The man known as America’s pastor was among those targeted by the Internal Revenue Service after the Billy Graham Evangelistic Association ran newspaper advertisements promoting traditional marriage and biblical values, according to a letter his son wrote to President Obama.
“I am bringing this to your attention because I believe that someone in the Administration was targeting and attempting to intimidate us,” wrote Franklin Graham in his letter and shared with Fox News. “This is morally wrong and unethical – indeed some would call it ‘un-American.’”
Graham is president of the Billy Graham Evangelistic Association as well as the international charity Samaritan’s Purse. Both organizations received word of audits on the same day – not long after they ran full –page ads supporting North Carolina’s Marriage amendment.
The ads encouraged voters to “cast our ballots for candidates who base their decisions on biblical principles and support the nation of Israel.”
The ad concluded with the words, “Vote for biblical values this November 6, and pray with me (Billy Graham) that America will remain one nation under God.”
Graham said on Sept. 6, 2012 they received notification that the IRS would audit their taxes.
“In light of what the IRS admitted to on Friday, May 10, 2013, and subsequent revelations from other sources, I do not believe that the IRS audit of our two organizations last year is a coincidence – or justifiable,” Graham wrote.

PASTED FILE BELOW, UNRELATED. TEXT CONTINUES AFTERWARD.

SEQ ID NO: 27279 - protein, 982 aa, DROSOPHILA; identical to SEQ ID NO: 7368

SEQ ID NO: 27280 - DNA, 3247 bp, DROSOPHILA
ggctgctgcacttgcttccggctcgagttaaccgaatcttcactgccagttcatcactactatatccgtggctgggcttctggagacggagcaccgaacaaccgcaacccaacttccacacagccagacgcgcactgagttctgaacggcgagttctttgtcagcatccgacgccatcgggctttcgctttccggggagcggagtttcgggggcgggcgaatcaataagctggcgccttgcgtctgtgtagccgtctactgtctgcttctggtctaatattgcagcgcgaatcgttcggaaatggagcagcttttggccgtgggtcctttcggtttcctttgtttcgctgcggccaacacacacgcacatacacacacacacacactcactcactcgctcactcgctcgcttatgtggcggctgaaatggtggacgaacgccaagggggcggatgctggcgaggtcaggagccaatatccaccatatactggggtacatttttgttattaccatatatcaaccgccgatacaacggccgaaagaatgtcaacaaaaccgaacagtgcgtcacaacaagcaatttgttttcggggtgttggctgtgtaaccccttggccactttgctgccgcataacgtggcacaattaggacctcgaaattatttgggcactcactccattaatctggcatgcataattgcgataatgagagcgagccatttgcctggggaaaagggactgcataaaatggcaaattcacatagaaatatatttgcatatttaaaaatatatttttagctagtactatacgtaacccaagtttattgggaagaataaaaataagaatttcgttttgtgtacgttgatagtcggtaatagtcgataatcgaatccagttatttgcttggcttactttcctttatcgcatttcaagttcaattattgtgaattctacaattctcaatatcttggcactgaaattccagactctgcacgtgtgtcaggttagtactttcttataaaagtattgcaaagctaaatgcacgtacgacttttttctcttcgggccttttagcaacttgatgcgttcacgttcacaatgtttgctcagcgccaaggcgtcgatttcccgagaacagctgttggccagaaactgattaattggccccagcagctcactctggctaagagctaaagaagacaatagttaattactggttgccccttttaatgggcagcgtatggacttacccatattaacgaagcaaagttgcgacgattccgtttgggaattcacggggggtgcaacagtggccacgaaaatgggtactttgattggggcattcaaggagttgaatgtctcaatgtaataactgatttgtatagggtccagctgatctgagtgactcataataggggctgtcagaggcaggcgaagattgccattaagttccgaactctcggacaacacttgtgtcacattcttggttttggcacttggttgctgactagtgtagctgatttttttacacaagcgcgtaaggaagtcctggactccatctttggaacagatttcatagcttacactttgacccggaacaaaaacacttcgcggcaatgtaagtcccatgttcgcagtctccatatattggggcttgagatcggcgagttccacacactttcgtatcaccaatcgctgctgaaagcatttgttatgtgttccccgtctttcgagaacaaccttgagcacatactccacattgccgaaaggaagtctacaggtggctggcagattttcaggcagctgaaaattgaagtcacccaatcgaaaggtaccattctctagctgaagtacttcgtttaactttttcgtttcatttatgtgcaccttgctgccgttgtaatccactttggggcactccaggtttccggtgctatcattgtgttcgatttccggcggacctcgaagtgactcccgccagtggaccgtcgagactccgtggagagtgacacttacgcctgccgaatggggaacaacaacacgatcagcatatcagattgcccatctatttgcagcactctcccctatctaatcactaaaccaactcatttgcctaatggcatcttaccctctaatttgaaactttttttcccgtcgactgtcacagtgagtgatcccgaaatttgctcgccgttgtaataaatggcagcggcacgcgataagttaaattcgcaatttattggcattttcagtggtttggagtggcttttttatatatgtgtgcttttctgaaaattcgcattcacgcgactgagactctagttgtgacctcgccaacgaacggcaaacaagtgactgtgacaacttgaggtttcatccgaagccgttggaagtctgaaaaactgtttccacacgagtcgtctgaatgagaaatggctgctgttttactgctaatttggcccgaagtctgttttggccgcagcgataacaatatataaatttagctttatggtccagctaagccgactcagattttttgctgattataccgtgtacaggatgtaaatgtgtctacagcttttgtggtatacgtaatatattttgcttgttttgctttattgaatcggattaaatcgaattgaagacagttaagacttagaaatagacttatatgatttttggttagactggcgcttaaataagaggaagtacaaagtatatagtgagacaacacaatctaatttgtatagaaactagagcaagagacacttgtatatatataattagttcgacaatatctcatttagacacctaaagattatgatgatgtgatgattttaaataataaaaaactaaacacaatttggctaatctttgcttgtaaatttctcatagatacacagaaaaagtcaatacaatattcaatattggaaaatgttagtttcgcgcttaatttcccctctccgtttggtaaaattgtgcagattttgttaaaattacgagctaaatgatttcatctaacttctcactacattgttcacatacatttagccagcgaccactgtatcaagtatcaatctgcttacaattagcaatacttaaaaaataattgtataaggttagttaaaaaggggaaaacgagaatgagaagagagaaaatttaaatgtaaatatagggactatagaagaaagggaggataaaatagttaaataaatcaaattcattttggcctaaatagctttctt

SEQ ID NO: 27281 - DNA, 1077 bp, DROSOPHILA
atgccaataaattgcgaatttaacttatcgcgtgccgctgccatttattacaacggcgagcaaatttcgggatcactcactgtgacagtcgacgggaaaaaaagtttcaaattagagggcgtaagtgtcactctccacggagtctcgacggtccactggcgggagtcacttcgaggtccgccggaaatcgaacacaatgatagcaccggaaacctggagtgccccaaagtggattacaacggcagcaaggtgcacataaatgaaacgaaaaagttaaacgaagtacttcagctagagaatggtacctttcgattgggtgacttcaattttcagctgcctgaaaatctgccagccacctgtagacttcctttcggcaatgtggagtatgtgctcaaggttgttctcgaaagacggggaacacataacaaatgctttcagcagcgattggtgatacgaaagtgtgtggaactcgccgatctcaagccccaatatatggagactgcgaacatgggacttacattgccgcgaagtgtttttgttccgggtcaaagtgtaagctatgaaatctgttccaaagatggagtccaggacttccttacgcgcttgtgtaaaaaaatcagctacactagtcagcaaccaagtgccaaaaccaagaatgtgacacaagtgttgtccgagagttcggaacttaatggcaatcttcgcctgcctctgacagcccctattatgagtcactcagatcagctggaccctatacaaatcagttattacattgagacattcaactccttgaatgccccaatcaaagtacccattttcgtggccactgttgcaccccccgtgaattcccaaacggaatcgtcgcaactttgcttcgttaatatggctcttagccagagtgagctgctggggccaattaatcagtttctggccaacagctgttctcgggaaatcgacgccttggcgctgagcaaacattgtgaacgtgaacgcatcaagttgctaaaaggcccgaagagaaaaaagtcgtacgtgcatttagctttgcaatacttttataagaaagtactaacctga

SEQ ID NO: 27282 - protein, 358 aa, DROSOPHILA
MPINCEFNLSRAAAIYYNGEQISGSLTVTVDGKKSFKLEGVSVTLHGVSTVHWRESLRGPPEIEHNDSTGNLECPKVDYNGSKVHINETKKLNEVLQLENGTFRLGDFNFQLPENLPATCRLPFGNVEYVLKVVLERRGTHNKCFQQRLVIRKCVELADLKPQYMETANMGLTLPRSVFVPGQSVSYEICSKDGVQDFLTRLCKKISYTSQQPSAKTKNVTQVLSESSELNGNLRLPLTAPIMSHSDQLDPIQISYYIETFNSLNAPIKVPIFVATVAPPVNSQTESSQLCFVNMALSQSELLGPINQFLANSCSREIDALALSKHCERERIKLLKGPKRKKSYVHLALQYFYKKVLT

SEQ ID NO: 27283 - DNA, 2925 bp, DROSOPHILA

Mark Demoss, a spokesman for Graham, told Fox News it was the first time the ministry had been audited in its history.
“These certainly appear to be politically motivated since the ministry had run some newspaper ads – not mentioning any candidates – simply urging people to vote for candidates with biblical values,” he said.
DeMoss called the IRS audit “very troubling and said it could have a “chilling effect on people across the country.”
“It would suggest that these audits are not random because the Billy Graham organization and Samaritan’s Purse were notified of the audit on the same day and they are located in different parts of North Carolina,” DeMoss said. “It doesn’t look very good.”
The IRS eventually cleared both the Billy Graham Evangelistic Association and Samaritan’s Purse, but Graham noted that the audit cost the ministries money.
“Unfortunately, while these audits not only wasted taxpayer money, they wasted money contributed by donors for ministry purposes, as we had to spend precious resources servicing the IRS agents in our offices,” Graham wrote.